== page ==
Extracorporeal cardiopulmonary resuscitation may be defined as the use of extracorporeal membrane oxygenation for the support of patients who do not respond to conventional cardiopulmonary resuscitation. Data from national and international paediatric databases indicate that the use of extracorporeal cardiopulmonary resuscitation is increasing. Guidelines from the American Heart Association suggest that any patient with refractory cardiopulmonary resuscitation and potentially reversible causes of cardiac arrest is a candidate for extracorporeal cardiopulmonary resuscitation. One possible framework for selection of patients for extracorporeal cardiopulmonary resuscitation includes dividing patients on the basis of favourable or unfavourable characteristics. Favourable characteristics include cardiac disease, witnessed event in the intensive care unit, ability to deliver effective cardiopulmonary resuscitation, active patient monitoring present, favourable arterial blood gases, and early institution of extracorporeal membrane oxygenation. Unfavourable characteristics potentially include non-cardiac disease, an unwitnessed cardiac arrest, ineffective cardiopulmonary resuscitation, and severely acidotic arterial blood gases. Considering the significant resources and cost involved in the use of extracorporeal cardiopulmonary resuscitation, its use needs to be critically examined to improve outcomes, assess neurological recovery and quality of life, and help identify populations and other factors that may help guide in the selection of patients for successful extracorporeal cardiopulmonary resuscitation.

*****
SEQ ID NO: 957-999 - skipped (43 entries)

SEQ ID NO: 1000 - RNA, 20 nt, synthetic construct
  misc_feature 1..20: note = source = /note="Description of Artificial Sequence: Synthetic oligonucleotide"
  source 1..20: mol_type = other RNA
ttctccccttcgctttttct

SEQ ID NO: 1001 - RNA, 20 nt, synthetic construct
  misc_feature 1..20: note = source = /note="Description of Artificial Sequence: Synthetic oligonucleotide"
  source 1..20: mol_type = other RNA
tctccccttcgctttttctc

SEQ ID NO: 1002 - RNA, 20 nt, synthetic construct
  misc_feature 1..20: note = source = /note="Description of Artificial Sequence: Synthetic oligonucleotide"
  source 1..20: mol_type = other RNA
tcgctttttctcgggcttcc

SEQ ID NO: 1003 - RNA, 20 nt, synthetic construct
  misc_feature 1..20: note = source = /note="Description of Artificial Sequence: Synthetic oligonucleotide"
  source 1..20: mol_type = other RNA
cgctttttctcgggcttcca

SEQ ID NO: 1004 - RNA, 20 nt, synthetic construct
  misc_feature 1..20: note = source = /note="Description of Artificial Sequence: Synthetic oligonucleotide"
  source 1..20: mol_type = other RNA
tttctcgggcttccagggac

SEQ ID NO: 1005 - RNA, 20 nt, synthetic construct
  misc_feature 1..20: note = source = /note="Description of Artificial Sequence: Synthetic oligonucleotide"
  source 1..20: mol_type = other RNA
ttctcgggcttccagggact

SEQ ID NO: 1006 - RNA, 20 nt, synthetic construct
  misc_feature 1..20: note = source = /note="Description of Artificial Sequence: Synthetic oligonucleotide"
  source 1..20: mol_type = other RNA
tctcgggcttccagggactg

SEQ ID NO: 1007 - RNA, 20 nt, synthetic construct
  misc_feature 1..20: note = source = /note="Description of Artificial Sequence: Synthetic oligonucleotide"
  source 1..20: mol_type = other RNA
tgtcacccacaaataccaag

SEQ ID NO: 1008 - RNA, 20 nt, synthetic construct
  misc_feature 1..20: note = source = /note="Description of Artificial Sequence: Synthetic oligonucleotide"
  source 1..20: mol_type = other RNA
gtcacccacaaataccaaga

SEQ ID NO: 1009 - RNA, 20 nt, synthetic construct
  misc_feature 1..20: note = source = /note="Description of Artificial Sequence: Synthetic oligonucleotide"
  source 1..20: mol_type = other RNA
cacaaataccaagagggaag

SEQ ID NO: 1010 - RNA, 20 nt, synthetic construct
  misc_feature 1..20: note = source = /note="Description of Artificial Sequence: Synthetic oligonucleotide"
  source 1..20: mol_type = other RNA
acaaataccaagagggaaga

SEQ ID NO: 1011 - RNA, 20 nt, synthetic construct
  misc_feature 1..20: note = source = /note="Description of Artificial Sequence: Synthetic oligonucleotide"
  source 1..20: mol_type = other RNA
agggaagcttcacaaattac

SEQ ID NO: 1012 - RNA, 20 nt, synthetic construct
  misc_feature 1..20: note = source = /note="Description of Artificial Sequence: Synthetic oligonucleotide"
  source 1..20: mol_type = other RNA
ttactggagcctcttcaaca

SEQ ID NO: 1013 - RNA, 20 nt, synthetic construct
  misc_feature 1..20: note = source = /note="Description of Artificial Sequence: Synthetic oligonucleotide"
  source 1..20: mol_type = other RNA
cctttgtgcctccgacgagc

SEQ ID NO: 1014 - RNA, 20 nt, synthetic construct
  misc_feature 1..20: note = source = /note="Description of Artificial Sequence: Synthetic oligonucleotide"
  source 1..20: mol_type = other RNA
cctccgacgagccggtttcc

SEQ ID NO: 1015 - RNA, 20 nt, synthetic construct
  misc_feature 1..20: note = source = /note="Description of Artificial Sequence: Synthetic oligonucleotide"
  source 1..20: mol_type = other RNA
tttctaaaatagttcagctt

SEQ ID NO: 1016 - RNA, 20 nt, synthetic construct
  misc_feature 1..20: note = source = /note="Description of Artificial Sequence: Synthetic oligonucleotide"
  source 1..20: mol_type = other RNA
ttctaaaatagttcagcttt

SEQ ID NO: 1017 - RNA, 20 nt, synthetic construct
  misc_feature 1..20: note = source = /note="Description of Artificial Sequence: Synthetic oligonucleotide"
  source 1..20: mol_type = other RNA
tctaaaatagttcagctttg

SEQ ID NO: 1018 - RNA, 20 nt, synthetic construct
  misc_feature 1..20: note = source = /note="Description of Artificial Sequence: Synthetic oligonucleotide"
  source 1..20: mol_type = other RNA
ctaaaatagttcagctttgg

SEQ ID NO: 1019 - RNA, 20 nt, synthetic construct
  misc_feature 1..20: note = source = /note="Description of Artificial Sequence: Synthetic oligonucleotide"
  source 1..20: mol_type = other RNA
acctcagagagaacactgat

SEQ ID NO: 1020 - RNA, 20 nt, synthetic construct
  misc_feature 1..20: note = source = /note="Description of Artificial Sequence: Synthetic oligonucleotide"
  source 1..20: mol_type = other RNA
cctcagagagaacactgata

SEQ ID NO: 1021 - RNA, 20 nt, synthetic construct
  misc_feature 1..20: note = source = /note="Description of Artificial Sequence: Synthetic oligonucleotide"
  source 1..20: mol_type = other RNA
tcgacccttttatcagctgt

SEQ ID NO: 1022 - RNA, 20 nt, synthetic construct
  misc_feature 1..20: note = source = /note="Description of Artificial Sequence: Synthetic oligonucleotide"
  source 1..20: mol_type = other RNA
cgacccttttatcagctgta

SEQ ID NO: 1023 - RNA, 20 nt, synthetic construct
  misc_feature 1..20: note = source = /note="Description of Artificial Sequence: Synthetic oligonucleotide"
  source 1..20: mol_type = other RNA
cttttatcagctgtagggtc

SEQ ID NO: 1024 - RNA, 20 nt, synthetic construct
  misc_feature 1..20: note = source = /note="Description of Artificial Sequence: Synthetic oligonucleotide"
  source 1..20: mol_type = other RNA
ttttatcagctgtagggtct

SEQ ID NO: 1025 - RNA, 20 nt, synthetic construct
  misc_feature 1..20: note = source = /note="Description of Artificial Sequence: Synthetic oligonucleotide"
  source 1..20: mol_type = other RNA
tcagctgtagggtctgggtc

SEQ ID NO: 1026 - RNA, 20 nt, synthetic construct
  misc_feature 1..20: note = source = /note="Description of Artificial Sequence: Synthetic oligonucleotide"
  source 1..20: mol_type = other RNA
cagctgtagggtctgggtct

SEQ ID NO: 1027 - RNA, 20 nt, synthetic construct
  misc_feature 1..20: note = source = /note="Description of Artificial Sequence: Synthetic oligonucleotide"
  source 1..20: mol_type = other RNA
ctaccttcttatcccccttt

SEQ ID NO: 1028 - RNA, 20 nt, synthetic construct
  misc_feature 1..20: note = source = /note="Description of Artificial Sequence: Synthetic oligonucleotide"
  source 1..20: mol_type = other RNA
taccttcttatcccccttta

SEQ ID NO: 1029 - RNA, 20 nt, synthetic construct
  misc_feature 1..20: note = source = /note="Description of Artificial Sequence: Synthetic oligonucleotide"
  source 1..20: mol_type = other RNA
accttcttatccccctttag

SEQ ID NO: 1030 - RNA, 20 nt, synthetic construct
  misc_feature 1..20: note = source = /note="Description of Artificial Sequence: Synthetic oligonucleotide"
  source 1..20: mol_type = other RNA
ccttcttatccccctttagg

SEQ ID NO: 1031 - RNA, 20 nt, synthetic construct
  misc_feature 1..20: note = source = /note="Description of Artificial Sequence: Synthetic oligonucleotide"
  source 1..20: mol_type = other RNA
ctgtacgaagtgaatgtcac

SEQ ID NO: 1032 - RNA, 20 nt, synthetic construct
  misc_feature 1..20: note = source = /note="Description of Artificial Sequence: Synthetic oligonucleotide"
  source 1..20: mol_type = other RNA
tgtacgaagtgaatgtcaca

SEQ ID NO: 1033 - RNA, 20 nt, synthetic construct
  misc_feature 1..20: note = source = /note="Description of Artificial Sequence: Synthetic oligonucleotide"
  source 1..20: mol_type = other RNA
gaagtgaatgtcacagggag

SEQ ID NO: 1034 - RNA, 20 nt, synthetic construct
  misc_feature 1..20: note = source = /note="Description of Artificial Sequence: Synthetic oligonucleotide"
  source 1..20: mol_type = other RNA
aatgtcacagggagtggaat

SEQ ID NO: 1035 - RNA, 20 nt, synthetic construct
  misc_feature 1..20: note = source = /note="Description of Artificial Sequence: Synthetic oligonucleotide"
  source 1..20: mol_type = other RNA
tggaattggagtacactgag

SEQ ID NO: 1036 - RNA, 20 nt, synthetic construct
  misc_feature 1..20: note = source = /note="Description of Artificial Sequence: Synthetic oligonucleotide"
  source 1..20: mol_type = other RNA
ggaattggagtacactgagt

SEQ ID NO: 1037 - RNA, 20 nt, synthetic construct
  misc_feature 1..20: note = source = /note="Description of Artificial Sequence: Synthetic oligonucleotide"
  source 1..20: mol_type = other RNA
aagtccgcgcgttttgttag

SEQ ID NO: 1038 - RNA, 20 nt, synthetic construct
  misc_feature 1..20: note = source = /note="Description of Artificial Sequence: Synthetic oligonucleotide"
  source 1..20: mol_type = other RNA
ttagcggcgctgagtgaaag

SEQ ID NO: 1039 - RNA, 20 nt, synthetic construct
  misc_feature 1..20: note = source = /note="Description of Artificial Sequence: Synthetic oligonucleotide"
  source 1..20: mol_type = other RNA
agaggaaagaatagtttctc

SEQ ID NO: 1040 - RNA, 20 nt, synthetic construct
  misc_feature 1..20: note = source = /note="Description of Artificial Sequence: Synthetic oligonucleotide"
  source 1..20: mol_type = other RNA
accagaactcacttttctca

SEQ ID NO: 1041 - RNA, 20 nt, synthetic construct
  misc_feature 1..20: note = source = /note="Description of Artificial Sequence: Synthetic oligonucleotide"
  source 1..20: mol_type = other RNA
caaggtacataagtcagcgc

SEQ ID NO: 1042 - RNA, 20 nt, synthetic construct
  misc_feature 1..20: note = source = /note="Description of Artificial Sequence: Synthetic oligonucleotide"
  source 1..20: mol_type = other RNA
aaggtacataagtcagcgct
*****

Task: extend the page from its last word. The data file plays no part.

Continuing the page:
The use of extracorporeal membrane oxygenation in infants and children with cardiac disease who develop refractory cardiogenic shock, cyanosis, or cardiac arrest is increasing. Early mortality in children with cardiac disease who require extracorporeal membrane oxygenation remains an important issue, as only 40% of cannulated patients survive to discharge from the hospital. However, it is encouraging that 90% children who are discharged alive from the hospital after extracorporeal membrane oxygenation are still alive at intermediate-term follow-up. Surviving patients are at risk for long-term dysfunction of multiple organ systems related to their underlying cardiac disease, non-cardiac comorbidities, treatment-related complications, and exposure to extracorporeal membrane oxygenation. Among the most important acute complications related to support with extracorporeal membrane oxygenation is injury to the central nervous system, which may contribute to adverse neurodevelopmental outcomes. All of these factors, in turn, influence quality of life. Many survivors remain medically complex related to their underlying cardiac disease, comorbidities, and sequelae of complications acquired over their lifetime. Neurological morbidity clearly plays an important role in approximately one-third of survivors, with significant deficits in approximately 10%. The limited data about quality of life data that are available for survivors of cardiac extracorporeal membrane oxygenation suggests that approximately 15–30% of survivors have at least moderately decreased quality of life. Overall, published data support the ongoing use of support with extracorporeal membrane oxygenation in children with acute cardiac failure, most of whom would die without it. However, programmatic efforts to improve the selection of patients and the preservation of the function of end organs during extracorporeal membrane oxygenation are clearly needed in order to improve long-term outcomes.